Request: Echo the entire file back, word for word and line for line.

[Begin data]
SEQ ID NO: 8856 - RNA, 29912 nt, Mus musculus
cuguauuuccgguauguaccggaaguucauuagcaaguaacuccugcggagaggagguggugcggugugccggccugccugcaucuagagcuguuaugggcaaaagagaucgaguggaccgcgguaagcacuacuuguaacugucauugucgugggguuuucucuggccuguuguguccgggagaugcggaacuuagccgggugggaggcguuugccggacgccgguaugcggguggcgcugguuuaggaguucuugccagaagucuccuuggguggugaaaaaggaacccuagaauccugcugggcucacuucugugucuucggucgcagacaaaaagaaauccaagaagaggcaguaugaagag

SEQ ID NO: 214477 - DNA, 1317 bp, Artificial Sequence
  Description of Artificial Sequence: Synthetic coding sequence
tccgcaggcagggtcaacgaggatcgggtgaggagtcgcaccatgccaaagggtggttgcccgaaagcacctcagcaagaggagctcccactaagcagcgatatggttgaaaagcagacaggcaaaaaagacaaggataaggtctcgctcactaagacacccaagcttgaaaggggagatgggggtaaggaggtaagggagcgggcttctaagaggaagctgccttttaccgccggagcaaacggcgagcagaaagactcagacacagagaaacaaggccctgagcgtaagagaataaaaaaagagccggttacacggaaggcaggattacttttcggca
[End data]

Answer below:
SEQ ID NO: 8856 - RNA, 29912 nt, Mus musculus
cuguauuuccgguauguaccggaaguucauuagcaaguaacuccugcggagaggagguggugcggugugccggccugccugcaucuagagcuguuaugggcaaaagagaucgaguggaccgcgguaagcacuacuuguaacugucauugucgugggguuuucucuggccuguuguguccgggagaugcggaacuuagccgggugggaggcguuugccggacgccgguaugcggguggcgcugguuuaggaguucuugccagaagucuccuuggguggugaaaaaggaacccuagaauccugcugggcucacuucugugucuucggucgcagacaaaaagaaauccaagaagaggcaguaugaagag

SEQ ID NO: 214477 - DNA, 1317 bp, Artificial Sequence
  Description of Artificial Sequence: Synthetic coding sequence
tccgcaggcagggtcaacgaggatcgggtgaggagtcgcaccatgccaaagggtggttgcccgaaagcacctcagcaagaggagctcccactaagcagcgatatggttgaaaagcagacaggcaaaaaagacaaggataaggtctcgctcactaagacacccaagcttgaaaggggagatgggggtaaggaggtaagggagcgggcttctaagaggaagctgccttttaccgccggagcaaacggcgagcagaaagactcagacacagagaaacaaggccctgagcgtaagagaataaaaaaagagccggttacacggaaggcaggattacttttcggca